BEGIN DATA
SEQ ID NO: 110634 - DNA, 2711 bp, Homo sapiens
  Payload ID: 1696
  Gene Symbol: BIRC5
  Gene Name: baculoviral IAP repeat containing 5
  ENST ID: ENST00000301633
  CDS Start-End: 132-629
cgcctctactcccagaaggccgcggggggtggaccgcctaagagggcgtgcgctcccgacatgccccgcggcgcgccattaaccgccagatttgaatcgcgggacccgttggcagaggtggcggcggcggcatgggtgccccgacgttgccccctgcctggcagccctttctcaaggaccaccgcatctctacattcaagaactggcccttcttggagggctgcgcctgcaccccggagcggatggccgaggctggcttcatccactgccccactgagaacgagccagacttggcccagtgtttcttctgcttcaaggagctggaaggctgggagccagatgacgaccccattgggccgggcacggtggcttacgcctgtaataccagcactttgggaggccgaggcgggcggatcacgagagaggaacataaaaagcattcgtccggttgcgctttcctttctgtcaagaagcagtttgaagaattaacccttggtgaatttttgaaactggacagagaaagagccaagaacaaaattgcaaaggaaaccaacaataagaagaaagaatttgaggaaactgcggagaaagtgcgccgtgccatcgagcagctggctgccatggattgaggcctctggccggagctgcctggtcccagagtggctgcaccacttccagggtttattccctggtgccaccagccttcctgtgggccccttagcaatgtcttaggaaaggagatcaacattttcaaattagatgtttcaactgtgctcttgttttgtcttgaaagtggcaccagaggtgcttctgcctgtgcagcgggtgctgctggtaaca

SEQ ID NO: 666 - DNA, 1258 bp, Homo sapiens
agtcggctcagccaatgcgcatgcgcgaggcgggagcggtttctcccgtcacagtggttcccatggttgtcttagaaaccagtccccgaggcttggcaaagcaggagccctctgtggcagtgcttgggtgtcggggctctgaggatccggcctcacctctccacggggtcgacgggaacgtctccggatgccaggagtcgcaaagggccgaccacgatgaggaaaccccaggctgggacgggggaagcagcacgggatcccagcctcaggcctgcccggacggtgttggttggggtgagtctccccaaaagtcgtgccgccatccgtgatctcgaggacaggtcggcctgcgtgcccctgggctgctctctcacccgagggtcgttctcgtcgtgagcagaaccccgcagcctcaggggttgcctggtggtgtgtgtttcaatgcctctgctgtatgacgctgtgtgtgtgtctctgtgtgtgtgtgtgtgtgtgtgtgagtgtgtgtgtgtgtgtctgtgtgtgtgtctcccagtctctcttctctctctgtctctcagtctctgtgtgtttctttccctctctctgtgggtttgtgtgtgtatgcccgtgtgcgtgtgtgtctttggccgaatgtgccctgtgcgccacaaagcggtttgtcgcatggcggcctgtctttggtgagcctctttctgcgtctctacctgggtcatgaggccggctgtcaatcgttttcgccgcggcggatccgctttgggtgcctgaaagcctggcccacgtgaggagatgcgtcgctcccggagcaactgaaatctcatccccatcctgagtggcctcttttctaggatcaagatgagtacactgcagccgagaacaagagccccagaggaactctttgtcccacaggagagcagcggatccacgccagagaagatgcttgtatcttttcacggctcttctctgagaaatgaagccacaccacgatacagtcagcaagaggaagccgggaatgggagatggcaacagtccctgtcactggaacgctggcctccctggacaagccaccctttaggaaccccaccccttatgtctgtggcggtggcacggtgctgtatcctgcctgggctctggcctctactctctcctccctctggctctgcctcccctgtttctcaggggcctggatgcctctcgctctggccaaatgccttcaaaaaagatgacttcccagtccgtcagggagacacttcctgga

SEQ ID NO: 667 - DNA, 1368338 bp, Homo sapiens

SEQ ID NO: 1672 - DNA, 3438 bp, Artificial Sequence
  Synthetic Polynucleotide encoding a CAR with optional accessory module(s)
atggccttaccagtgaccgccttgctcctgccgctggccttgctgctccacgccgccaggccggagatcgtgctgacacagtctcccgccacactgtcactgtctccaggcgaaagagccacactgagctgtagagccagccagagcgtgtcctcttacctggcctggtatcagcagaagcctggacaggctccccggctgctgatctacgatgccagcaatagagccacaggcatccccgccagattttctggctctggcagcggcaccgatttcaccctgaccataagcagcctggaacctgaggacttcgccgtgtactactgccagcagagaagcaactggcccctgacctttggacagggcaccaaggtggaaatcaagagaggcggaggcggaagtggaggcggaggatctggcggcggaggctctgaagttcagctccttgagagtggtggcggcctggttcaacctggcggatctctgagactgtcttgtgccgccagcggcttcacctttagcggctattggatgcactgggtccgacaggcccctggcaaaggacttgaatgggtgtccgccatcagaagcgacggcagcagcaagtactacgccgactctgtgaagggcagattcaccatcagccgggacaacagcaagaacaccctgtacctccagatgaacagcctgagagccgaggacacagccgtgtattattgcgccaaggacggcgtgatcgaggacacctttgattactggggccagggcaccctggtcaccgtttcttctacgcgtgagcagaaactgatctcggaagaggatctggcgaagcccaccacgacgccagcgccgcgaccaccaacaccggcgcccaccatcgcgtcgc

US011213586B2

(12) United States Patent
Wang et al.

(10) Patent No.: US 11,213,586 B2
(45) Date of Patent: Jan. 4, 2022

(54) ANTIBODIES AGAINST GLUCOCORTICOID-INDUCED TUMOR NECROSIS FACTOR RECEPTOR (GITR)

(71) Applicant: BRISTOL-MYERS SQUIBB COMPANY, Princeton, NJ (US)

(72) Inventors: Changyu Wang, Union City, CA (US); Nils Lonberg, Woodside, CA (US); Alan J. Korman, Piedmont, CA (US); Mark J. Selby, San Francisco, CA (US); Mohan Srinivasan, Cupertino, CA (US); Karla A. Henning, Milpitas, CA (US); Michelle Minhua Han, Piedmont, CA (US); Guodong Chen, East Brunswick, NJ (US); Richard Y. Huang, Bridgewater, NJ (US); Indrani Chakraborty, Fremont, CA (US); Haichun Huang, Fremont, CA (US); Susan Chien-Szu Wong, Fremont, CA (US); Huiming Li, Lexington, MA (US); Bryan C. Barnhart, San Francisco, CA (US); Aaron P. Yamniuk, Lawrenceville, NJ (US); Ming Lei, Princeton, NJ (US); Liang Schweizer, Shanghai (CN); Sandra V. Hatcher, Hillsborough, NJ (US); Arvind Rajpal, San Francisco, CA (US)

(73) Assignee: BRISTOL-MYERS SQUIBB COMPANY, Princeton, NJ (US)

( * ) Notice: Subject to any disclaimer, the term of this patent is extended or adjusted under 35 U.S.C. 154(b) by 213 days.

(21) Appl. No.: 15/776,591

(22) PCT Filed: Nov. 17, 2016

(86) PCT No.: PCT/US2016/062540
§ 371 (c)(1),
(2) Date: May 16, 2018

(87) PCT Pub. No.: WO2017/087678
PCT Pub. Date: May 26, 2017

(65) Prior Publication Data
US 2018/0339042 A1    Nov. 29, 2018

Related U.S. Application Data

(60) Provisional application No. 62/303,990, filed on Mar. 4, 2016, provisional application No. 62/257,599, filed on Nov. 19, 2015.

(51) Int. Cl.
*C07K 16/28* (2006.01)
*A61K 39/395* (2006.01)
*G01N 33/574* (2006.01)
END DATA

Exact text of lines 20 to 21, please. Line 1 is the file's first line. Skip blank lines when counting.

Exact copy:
(71) Applicant: BRISTOL-MYERS SQUIBB COMPANY, Princeton, NJ (US)

(72) Inventors: Changyu Wang, Union City, CA (US); Nils Lonberg, Woodside, CA (US); Alan J. Korman, Piedmont, CA (US); Mark J. Selby, San Francisco, CA (US); Mohan Srinivasan, Cupertino, CA (US); Karla A. Henning, Milpitas, CA (US); Michelle Minhua Han, Piedmont, CA (US); Guodong Chen, East Brunswick, NJ (US); Richard Y. Huang, Bridgewater, NJ (US); Indrani Chakraborty, Fremont, CA (US); Haichun Huang, Fremont, CA (US); Susan Chien-Szu Wong, Fremont, CA (US); Huiming Li, Lexington, MA (US); Bryan C. Barnhart, San Francisco, CA (US); Aaron P. Yamniuk, Lawrenceville, NJ (US); Ming Lei, Princeton, NJ (US); Liang Schweizer, Shanghai (CN); Sandra V. Hatcher, Hillsborough, NJ (US); Arvind Rajpal, San Francisco, CA (US)